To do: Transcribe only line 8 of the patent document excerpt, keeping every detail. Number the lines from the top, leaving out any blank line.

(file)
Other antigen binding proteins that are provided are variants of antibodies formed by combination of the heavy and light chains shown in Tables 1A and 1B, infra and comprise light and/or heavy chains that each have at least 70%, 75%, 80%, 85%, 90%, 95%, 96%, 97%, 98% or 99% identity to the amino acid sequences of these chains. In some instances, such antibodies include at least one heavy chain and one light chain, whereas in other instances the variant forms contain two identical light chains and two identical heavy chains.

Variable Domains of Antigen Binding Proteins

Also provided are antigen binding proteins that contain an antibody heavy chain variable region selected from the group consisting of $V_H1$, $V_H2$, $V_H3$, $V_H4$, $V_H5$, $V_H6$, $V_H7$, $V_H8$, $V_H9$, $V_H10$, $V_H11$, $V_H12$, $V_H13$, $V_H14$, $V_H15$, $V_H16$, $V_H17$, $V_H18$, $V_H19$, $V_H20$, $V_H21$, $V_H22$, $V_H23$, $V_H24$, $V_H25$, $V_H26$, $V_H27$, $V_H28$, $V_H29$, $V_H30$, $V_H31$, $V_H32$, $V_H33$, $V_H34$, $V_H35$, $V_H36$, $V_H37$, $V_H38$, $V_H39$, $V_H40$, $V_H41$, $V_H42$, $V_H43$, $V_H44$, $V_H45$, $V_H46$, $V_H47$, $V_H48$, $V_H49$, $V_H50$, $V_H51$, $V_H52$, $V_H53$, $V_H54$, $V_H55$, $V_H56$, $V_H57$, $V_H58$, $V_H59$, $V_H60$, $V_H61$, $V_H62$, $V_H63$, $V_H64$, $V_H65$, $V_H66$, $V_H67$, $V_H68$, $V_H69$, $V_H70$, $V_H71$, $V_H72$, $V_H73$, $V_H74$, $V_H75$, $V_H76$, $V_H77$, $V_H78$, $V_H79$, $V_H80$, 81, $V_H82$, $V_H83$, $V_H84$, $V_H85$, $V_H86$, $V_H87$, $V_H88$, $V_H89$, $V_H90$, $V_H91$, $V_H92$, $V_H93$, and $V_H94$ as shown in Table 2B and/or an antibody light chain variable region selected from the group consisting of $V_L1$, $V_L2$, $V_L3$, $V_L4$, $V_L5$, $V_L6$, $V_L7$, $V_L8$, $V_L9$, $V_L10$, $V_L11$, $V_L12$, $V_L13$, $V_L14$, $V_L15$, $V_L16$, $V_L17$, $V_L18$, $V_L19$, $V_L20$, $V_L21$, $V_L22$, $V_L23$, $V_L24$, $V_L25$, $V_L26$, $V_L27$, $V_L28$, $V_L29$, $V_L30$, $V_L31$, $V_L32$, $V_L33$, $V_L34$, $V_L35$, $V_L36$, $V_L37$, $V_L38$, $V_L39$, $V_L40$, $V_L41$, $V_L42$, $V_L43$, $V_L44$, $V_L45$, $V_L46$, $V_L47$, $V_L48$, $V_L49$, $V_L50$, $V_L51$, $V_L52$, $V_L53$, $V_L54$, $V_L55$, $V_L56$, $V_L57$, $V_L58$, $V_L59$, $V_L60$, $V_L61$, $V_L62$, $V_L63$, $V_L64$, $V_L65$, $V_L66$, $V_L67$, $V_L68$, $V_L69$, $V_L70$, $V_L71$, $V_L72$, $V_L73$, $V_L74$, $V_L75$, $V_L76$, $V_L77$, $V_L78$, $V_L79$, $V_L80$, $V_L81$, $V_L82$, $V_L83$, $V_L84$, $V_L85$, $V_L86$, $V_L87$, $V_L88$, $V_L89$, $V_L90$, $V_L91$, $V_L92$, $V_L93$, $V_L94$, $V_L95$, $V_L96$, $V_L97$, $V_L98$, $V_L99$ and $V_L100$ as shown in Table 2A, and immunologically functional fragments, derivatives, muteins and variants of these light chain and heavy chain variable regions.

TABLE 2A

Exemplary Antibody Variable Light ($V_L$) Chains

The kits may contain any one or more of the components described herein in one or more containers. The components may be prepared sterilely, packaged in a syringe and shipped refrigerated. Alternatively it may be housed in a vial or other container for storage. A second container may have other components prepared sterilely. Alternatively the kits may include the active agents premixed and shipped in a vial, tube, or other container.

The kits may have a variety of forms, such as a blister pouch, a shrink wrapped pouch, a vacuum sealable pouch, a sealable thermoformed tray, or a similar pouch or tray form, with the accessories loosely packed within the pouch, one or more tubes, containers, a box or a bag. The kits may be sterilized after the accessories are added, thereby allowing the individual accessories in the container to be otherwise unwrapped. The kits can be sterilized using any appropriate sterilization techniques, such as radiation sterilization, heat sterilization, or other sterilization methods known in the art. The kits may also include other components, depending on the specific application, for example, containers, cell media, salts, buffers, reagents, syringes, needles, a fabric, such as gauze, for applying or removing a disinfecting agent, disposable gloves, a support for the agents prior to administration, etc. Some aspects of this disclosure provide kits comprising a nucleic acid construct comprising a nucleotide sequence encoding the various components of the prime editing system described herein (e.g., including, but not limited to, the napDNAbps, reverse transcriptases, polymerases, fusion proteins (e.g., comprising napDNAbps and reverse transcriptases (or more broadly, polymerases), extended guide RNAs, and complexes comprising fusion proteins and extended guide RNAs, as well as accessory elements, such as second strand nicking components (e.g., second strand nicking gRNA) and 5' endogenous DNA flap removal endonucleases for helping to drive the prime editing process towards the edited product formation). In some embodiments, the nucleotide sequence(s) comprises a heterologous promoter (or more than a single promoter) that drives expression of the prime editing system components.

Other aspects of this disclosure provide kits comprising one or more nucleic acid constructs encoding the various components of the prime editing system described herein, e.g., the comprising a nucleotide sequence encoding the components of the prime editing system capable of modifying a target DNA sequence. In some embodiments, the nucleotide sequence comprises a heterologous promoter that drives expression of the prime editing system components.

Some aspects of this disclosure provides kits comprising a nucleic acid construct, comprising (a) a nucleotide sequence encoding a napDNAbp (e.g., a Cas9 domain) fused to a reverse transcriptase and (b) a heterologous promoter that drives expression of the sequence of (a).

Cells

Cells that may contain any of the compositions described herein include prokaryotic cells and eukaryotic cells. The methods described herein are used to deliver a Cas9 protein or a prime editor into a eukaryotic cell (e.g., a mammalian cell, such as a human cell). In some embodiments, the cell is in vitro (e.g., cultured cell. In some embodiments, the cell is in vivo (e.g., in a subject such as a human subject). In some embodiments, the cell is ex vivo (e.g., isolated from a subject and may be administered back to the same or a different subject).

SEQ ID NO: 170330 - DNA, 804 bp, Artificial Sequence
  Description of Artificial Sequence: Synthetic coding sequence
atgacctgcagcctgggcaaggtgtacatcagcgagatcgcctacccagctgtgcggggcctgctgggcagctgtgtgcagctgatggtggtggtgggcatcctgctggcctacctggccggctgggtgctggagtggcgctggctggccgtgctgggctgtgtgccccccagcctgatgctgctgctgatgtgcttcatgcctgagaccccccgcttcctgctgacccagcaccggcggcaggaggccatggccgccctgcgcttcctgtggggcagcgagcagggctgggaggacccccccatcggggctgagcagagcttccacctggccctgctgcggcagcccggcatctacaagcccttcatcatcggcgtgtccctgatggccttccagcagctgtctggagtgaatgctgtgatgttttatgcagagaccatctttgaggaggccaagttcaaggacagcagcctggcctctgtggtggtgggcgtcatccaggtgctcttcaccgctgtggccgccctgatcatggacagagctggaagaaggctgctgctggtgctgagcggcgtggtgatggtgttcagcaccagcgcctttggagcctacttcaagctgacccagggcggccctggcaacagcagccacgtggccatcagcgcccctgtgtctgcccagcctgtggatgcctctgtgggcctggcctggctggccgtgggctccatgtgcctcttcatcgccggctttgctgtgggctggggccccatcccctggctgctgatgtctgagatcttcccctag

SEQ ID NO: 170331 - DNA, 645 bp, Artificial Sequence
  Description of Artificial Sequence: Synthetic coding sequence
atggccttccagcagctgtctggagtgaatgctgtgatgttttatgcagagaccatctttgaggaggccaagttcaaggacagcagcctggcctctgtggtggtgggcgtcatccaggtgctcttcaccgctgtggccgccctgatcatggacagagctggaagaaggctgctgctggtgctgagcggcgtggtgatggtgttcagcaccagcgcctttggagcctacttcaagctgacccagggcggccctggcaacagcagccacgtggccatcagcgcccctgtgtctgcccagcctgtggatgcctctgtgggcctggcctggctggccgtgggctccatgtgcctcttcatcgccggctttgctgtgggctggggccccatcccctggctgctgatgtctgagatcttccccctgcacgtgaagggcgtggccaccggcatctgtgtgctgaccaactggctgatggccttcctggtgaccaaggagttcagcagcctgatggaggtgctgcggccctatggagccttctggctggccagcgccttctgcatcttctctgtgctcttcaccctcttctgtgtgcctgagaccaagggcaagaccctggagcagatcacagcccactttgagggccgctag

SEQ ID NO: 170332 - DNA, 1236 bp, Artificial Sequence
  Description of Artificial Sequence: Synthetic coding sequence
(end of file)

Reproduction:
Other aspects of this disclosure provide kits comprising one or more nucleic acid constructs encoding the various components of the prime editing system described herein, e.g., the comprising a nucleotide sequence encoding the components of the prime editing system capable of modifying a target DNA sequence. In some embodiments, the nucleotide sequence comprises a heterologous promoter that drives expression of the prime editing system components.